2. NA church-planting is handled entirely (at the extra-church level, of course) by state conventions and/or associations (though I can see where NA church-planting among unreached people groups living in NA would also be coordinated with the single mission board, for resource and networking reasons)

    3. Disaster relief is handled entirely by state conventions and/or associations

    4. General outreach intiatives (think crossover, partnerships with evangelists, etc.) is coordinated through the single mission board

    5. Collegiate ministry is handled entirely by state conventions or, in places where state conventions don’t have the resources, the single mission board

    One assignment currently tasked to NAMB that admittedly seems like an odd fit anywhere else (besides local churches, in a perfect world) is the endorsement of chaplains. Not sure how a merger would handle this one. I suppose that the single mission board makes the most sense.

    Anyway, I think a merger could definitely happen and could *possibly* be the way forward. But a merger could also not happen and maybe should not happen. I remain very much open to persuasion either way.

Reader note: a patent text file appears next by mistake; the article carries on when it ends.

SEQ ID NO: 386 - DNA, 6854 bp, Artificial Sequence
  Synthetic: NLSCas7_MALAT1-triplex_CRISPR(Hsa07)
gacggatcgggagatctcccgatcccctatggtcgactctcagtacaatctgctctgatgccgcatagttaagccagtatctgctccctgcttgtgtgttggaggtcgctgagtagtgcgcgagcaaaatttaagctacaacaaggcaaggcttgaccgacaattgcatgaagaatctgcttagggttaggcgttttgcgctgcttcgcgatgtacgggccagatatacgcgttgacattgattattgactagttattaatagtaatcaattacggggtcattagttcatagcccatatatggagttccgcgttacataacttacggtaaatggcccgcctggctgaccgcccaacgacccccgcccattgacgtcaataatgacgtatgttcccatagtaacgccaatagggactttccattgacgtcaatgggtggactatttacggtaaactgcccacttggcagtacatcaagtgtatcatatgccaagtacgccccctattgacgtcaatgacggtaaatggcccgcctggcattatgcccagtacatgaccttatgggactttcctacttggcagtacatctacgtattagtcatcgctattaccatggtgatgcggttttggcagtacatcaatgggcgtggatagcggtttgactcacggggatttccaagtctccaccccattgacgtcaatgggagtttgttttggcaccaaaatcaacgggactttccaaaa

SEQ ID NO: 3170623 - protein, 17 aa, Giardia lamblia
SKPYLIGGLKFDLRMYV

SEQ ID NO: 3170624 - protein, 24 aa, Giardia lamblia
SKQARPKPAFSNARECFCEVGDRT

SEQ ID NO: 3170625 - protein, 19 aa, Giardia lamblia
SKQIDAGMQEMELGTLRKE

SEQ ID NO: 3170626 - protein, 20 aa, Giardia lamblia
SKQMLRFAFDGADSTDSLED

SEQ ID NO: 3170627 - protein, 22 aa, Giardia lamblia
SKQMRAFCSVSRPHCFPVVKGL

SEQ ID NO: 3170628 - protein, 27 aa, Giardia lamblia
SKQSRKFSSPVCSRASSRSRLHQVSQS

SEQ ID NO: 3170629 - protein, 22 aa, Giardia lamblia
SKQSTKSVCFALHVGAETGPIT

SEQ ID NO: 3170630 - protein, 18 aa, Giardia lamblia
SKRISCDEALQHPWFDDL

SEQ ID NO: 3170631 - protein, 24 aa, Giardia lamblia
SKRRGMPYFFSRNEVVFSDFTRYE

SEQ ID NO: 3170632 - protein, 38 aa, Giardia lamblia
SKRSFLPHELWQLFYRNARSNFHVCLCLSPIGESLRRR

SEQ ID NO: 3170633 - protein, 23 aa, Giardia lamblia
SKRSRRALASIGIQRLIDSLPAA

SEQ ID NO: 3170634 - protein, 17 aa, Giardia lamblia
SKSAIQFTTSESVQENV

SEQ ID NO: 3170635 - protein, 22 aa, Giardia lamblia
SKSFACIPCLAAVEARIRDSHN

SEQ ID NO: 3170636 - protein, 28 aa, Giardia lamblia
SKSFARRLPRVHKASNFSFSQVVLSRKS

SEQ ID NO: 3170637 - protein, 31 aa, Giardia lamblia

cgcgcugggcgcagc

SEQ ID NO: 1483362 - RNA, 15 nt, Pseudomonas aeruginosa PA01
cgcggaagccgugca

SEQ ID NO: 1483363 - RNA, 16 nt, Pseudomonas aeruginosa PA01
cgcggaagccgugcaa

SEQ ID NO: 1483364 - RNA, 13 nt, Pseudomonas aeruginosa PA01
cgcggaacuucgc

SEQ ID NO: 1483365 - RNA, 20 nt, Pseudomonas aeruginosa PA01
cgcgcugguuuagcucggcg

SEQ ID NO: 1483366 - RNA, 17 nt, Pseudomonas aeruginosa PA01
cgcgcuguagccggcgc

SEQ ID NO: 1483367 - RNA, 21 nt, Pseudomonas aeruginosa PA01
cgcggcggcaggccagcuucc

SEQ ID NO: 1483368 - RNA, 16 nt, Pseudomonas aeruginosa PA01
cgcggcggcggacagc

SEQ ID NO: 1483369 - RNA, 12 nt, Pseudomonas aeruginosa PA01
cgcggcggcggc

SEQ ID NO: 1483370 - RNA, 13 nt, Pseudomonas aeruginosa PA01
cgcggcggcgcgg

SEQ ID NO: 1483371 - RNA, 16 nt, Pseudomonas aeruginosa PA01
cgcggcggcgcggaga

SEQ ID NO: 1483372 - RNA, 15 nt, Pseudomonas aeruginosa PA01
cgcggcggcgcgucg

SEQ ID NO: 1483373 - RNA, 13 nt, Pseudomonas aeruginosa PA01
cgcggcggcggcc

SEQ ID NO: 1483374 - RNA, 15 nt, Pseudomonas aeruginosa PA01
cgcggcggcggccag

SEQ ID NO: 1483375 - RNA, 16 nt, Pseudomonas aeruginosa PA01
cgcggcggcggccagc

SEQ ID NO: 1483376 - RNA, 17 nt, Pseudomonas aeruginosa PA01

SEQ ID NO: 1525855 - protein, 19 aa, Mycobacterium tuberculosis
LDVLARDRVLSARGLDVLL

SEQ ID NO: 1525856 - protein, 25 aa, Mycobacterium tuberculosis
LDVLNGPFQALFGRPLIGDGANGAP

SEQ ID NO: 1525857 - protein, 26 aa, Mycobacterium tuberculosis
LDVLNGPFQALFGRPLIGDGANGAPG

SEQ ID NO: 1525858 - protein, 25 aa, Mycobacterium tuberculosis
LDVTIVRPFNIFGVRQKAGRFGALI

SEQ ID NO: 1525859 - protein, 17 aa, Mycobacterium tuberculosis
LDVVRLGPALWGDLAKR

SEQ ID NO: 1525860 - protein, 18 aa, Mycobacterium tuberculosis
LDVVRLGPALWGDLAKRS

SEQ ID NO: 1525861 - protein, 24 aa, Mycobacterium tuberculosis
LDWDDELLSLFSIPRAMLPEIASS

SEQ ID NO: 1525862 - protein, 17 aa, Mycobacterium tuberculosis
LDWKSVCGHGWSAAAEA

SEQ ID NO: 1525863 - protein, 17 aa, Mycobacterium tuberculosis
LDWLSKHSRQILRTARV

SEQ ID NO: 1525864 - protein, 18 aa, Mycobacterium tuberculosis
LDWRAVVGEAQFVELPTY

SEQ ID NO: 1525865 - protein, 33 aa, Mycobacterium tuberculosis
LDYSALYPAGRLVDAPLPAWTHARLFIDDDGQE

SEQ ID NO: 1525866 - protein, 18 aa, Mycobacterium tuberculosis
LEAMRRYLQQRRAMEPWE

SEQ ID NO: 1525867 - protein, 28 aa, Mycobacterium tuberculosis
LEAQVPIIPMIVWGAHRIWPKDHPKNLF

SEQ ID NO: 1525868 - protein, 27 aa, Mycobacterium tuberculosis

My two cents, for what it’s worth.

    NAF

  3. Bart Barber   •  

    Nathan,

    Thanks for contributing your $.02.

    My great misgiving with regard to the numbered schema that you articulated above lies with #2. Most of our state conventions, in my opinion, are financially shackled by their commitments to in-state institutions. The relocation of domestic church planting to the state conventions (I’m thinking specifically here with regard to the tremendous need in pioneer areas) will provide an enormous justification for diverting yet more money to the state level (“what was going to NAMB before, we now need here in order to pursue NAMB’s former job description”), and yet I’m dubious about how much of that money will actually make it to places like New England and the West Coast.

    I hold out the hope for North American missions as a separate entity not because of what it has been, but because of what I envision that it could be. We need something along the lines of the Manhattan Project by which Southern Baptists determine to plant Southern Baptist churches (and a whole bunch of them) in the Northeast and on the West Coast in this century.

    The guys at Hudson Baptist Association will tell you that you are statistically as likely to meet a born-again believer in Beijing as you are in Albany.